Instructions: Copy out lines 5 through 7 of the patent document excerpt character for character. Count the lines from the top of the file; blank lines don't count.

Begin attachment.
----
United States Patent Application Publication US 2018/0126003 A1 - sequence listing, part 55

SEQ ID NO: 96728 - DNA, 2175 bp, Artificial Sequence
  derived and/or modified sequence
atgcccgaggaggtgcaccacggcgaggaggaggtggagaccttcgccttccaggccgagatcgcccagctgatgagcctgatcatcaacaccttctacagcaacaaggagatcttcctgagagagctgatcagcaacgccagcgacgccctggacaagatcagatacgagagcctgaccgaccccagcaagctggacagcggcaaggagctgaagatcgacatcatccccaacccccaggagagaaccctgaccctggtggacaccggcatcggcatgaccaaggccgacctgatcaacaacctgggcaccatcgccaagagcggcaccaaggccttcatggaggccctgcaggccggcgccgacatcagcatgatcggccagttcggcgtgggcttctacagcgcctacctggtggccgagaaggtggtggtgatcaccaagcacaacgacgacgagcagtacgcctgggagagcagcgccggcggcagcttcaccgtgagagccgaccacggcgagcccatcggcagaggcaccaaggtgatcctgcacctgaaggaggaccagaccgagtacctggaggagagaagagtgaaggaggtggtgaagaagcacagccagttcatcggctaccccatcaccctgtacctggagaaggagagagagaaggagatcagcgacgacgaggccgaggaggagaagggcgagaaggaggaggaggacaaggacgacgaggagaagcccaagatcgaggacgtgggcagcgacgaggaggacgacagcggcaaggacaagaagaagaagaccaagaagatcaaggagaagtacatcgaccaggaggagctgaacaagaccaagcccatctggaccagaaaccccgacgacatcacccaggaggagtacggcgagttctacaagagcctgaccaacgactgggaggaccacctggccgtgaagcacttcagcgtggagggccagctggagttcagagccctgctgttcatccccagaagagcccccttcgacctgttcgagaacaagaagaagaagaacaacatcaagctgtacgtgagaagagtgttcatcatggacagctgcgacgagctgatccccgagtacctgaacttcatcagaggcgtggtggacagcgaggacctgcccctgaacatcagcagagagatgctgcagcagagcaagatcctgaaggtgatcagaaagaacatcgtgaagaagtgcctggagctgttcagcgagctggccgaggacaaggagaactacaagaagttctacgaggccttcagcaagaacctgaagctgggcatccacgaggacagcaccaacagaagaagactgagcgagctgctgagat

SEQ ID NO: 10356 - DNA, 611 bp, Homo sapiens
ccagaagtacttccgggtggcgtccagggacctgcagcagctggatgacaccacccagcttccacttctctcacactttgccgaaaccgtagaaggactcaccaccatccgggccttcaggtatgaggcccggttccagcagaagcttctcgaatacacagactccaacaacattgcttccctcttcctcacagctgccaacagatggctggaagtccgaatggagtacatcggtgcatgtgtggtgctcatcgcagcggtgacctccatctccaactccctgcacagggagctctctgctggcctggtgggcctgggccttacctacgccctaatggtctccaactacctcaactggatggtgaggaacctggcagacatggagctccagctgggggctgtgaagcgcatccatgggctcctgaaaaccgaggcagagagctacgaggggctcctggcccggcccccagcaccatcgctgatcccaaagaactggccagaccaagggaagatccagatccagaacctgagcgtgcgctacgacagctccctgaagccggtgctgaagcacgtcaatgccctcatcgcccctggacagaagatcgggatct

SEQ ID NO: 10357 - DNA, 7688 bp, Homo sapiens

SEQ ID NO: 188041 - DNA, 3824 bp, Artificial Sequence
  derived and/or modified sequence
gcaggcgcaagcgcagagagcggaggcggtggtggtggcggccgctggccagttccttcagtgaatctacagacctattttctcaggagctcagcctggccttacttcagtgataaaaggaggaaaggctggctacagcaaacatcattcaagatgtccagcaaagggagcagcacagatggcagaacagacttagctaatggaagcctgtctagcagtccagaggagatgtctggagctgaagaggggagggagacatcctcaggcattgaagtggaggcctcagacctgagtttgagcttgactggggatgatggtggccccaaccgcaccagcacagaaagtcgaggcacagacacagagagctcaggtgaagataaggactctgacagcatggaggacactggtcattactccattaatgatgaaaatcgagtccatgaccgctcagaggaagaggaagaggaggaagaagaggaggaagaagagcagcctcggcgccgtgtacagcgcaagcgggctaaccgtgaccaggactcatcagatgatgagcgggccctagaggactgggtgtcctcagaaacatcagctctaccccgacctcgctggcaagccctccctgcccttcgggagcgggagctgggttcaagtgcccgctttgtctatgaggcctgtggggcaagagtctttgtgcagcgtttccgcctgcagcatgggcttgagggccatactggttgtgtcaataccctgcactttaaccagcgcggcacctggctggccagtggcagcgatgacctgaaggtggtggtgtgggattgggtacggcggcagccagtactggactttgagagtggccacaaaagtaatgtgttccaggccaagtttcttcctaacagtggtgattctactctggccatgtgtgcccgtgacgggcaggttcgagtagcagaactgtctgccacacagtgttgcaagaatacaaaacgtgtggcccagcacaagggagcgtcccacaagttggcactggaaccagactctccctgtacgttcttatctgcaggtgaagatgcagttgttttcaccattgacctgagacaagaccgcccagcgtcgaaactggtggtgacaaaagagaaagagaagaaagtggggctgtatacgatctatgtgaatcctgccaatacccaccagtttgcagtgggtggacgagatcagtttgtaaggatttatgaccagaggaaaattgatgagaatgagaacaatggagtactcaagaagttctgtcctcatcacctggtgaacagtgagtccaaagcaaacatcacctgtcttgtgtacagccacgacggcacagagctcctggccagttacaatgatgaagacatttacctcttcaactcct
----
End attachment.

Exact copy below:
SEQ ID NO: 10356 - DNA, 611 bp, Homo sapiens
ccagaagtacttccgggtggcgtccagggacctgcagcagctggatgacaccacccagcttccacttctctcacactttgccgaaaccgtagaaggactcaccaccatccgggccttcaggtatgaggcccggttccagcagaagcttctcgaatacacagactccaacaacattgcttccctcttcctcacagctgccaacagatggctggaagtccgaatggagtacatcggtgcatgtgtggtgctcatcgcagcggtgacctccatctccaactccctgcacagggagctctctgctggcctggtgggcctgggccttacctacgccctaatggtctccaactacctcaactggatggtgaggaacctggcagacatggagctccagctgggggctgtgaagcgcatccatgggctcctgaaaaccgaggcagagagctacgaggggctcctggcccggcccccagcaccatcgctgatcccaaagaactggccagaccaagggaagatccagatccagaacctgagcgtgcgctacgacagctccctgaagccggtgctgaagcacgtcaatgccctcatcgcccctggacagaagatcgggatct

SEQ ID NO: 10357 - DNA, 7688 bp, Homo sapiens